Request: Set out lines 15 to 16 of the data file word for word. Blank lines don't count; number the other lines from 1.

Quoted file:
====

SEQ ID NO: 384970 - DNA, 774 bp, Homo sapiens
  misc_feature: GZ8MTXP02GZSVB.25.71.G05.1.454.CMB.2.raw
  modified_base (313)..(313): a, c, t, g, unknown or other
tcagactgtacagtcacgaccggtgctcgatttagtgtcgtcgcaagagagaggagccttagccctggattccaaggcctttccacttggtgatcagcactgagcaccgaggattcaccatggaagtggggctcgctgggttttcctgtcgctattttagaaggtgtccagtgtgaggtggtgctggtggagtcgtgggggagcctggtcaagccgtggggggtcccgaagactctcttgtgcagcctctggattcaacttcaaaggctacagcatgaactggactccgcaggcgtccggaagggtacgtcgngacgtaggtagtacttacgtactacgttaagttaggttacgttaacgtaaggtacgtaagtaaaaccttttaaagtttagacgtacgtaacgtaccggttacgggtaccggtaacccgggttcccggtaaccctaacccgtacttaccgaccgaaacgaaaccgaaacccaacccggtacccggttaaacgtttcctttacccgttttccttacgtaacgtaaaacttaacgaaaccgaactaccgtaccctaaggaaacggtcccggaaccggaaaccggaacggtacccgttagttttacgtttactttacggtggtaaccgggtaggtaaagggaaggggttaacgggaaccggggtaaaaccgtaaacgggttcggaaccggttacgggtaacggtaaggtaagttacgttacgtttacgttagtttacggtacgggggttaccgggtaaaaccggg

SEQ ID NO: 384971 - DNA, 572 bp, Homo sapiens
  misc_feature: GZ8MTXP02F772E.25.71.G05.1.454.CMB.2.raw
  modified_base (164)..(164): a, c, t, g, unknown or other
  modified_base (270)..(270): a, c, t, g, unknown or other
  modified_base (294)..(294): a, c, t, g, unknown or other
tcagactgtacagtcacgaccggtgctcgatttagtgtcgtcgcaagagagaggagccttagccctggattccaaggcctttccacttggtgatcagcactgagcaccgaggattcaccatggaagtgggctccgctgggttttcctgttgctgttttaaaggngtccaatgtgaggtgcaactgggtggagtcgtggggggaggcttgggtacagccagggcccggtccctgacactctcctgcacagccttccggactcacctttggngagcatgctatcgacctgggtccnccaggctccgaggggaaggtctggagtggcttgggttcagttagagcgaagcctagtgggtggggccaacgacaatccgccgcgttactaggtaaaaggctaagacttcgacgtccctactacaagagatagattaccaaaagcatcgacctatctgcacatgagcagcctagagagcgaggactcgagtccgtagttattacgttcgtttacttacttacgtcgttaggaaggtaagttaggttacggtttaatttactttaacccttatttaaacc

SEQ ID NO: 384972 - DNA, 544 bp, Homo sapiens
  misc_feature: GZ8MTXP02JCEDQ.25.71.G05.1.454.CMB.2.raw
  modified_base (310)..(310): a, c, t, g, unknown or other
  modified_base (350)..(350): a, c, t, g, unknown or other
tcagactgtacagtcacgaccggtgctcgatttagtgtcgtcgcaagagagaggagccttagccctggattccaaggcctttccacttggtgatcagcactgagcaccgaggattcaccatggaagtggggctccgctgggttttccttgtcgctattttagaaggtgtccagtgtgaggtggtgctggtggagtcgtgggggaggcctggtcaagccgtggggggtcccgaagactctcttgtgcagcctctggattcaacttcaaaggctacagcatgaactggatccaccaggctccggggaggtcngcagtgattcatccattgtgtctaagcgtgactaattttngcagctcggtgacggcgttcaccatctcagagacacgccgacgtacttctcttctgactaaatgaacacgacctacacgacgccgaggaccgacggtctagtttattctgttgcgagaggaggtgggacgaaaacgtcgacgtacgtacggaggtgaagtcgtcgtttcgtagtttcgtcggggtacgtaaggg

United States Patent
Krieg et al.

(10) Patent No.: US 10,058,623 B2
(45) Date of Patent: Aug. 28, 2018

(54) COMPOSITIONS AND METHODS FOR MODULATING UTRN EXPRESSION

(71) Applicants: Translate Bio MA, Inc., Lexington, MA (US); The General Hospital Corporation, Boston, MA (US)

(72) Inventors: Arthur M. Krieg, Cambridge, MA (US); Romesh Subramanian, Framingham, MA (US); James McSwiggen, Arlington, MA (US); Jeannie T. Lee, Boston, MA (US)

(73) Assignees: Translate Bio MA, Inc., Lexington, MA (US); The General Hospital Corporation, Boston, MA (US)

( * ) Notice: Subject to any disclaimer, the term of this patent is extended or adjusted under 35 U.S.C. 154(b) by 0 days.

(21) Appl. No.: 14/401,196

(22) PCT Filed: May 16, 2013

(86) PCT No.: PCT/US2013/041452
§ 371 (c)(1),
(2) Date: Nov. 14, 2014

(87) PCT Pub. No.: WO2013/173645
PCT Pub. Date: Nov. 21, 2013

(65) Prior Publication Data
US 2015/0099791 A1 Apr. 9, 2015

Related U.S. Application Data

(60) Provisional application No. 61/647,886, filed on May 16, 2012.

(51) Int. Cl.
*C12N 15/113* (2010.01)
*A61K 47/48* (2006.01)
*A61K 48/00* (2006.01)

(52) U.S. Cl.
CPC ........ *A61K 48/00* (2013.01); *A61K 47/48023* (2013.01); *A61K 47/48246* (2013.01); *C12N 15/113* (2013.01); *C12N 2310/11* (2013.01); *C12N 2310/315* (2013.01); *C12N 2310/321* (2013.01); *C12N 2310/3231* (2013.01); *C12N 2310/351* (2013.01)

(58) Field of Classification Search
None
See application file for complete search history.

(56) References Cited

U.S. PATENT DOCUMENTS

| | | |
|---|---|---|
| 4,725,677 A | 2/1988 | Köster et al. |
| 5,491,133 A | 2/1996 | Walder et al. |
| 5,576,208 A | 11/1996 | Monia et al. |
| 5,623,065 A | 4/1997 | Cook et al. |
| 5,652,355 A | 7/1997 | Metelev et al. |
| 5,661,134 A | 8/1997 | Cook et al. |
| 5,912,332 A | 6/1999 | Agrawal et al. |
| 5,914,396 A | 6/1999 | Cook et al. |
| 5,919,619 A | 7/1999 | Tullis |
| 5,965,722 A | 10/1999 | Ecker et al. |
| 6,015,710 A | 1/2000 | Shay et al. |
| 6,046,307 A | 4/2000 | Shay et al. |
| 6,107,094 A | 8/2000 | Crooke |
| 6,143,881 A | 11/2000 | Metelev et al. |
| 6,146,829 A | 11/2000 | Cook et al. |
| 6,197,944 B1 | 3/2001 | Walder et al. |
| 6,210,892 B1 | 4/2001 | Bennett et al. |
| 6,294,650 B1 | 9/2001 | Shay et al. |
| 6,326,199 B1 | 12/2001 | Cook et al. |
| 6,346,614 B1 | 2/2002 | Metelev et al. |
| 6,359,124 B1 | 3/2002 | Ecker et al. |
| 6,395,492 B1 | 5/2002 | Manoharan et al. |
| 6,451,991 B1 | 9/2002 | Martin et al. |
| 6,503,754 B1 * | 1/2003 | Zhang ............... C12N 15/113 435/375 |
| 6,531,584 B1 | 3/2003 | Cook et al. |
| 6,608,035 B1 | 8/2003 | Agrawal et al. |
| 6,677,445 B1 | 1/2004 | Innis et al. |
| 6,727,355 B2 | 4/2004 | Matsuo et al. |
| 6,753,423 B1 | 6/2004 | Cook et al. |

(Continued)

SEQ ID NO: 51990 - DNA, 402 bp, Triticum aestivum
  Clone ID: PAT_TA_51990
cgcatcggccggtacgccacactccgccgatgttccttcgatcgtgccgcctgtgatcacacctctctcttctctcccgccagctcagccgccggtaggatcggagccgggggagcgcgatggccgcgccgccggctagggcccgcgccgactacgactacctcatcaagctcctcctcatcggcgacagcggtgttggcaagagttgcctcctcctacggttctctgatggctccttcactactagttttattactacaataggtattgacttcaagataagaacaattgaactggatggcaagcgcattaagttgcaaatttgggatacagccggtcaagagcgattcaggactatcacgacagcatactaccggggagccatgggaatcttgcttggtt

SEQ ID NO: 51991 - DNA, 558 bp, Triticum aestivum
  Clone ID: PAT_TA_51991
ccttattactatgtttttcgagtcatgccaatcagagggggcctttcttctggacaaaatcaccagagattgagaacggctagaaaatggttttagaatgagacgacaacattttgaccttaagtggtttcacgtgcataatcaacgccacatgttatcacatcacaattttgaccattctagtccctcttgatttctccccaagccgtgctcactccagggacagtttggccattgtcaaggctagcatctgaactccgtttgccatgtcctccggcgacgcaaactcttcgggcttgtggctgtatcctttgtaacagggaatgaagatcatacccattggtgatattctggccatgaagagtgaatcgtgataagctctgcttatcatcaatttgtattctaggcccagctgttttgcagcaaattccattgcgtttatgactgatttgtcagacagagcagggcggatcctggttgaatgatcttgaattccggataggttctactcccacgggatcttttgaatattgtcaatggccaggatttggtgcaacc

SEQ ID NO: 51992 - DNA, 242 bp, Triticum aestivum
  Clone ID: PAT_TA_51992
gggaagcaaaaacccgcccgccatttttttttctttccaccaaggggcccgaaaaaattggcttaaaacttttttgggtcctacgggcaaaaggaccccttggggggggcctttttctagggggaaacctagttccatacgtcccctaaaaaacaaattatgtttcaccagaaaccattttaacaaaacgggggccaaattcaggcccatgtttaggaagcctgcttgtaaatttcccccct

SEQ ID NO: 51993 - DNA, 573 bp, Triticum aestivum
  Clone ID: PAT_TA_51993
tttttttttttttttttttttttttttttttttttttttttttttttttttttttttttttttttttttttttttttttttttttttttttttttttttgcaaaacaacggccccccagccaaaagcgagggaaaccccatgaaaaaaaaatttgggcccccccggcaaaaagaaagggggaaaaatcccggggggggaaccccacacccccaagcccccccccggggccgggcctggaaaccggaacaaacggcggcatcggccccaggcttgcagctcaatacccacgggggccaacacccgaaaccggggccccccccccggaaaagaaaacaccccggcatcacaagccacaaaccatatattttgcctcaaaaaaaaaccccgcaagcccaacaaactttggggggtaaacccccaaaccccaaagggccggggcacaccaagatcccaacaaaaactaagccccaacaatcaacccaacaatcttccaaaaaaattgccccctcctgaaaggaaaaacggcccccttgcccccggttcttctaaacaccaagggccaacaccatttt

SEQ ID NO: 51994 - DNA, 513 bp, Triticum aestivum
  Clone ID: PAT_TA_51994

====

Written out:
tcagactgtacagtcacgaccggtgctcgatttagtgtcgtcgcaagagagaggagccttagccctggattccaaggcctttccacttggtgatcagcactgagcaccgaggattcaccatggaagtggggctccgctgggttttccttgtcgctattttagaaggtgtccagtgtgaggtggtgctggtggagtcgtgggggaggcctggtcaagccgtggggggtcccgaagactctcttgtgcagcctctggattcaacttcaaaggctacagcatgaactggatccaccaggctccggggaggtcngcagtgattcatccattgtgtctaagcgtgactaattttngcagctcggtgacggcgttcaccatctcagagacacgccgacgtacttctcttctgactaaatgaacacgacctacacgacgccgaggaccgacggtctagtttattctgttgcgagaggaggtgggacgaaaacgtcgacgtacgtacggaggtgaagtcgtcgtttcgtagtttcgtcggggtacgtaaggg

United States Patent